We then headed to the Mammoth Hot Springs stopping by the Swan Lake where we spotted a pair of Sandhill Cranes.

IMG_5460

DSC_9215
Sandhill Cranes near Swan Lake

At Mammoth we admired the terrace like formations created by the calcium carbonate deposited over years by the springs. Some springs have gone dormant leaving behind hardened cones to mark their existence.

IMG_5496
Lower Terraces at Mammoth Hot Springs

IMG_5487

We then stopped at the Albright Visitor Center and learnt about the park management history which had a chequered start in which little was / could be done to preserve the flora and fauna and there was a steady decline in the population of predators due to hunting, poaching and conflicts with humans. The Grey Wolf completely disappeared from here and it took many years and debates to put in place and implement a restoration program that reintroduced this species into the park in 1995. There is evidence that wolf restoration in Yellowstone has had multiple beneficial effects on the ecosystem and has demonstrated that perhaps ecosystems work in intricately complex ways that are not fully understood by us. Thanks to our friend Shastri for sharing this informative TED talk by George Monbiot that discusses effects on landscape as well.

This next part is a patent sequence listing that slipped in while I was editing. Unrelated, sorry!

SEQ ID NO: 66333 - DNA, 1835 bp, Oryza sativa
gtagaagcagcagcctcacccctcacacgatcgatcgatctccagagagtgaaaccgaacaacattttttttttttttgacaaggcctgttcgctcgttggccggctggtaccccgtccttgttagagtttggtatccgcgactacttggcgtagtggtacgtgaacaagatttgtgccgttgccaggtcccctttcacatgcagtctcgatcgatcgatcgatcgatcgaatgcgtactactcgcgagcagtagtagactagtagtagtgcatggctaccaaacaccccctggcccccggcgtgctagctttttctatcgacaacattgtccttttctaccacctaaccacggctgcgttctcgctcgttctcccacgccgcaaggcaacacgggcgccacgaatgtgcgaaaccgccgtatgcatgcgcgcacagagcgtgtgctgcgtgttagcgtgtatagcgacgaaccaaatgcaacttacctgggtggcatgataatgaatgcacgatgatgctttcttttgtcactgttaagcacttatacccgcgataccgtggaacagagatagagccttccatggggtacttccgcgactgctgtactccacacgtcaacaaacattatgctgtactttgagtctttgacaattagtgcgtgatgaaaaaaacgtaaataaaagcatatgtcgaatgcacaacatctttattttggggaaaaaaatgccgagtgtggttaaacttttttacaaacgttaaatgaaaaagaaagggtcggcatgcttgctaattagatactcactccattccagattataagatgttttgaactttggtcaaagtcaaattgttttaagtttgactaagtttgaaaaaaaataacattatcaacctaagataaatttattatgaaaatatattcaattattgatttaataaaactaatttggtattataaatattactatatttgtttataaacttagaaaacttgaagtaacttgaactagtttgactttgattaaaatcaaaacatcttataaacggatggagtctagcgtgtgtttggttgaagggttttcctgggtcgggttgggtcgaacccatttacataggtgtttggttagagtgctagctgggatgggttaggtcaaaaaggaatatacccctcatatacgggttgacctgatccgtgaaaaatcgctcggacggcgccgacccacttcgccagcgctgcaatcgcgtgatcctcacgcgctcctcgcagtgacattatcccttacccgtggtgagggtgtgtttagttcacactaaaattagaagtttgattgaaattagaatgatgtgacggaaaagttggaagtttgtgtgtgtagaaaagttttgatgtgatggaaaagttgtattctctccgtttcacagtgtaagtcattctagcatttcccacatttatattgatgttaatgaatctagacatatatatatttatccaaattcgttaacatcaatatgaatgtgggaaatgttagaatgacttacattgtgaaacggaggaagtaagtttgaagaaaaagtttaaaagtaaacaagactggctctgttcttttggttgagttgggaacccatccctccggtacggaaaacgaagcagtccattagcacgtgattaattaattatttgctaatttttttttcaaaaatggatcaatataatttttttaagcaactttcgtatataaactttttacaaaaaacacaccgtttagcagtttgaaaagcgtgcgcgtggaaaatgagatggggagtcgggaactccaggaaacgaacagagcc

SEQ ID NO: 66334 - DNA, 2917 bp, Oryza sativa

Amidst all the action, Mihika had completed all the activities she needed to earn the honour of being a Junior Ranger and too her oath to preserve and protect. As our visit coincided with the centennial celebrations of the US National Park Service, she got an additional token to mark the event.

IMG_5500
Mihika joins the Yellowstone Junior Ranger club

We went on to join a Ranger talk on the wildlife in Yellowstone, bears being of most interest. Mihika used the opportunity to enquire about grey wolf spotting opportunities and we learnt of a place near the Lamar Valley where a den and the presence of wolves was confirmed. So we duly noted that for the next leg of our stay. All ranger talks included a set of exhibits such as furs and antlers. The furs all had tags citing their origin, typically these were animals killed in road accidents or had to be put down due to preying on farm animals outside the park boundaries.

IMG_5503We then headed onward to see the Tower Falls encountering Robins, a little Golden Mantled Ground Squirrel, pine trees that looked like ready decorated Christmas trees and a warning sign about Bears.

DSC_9281
Chipmunk or Golden Mantled Ground Squirrel?
DSC_9268
A robin watches as we pass by
DSC_9272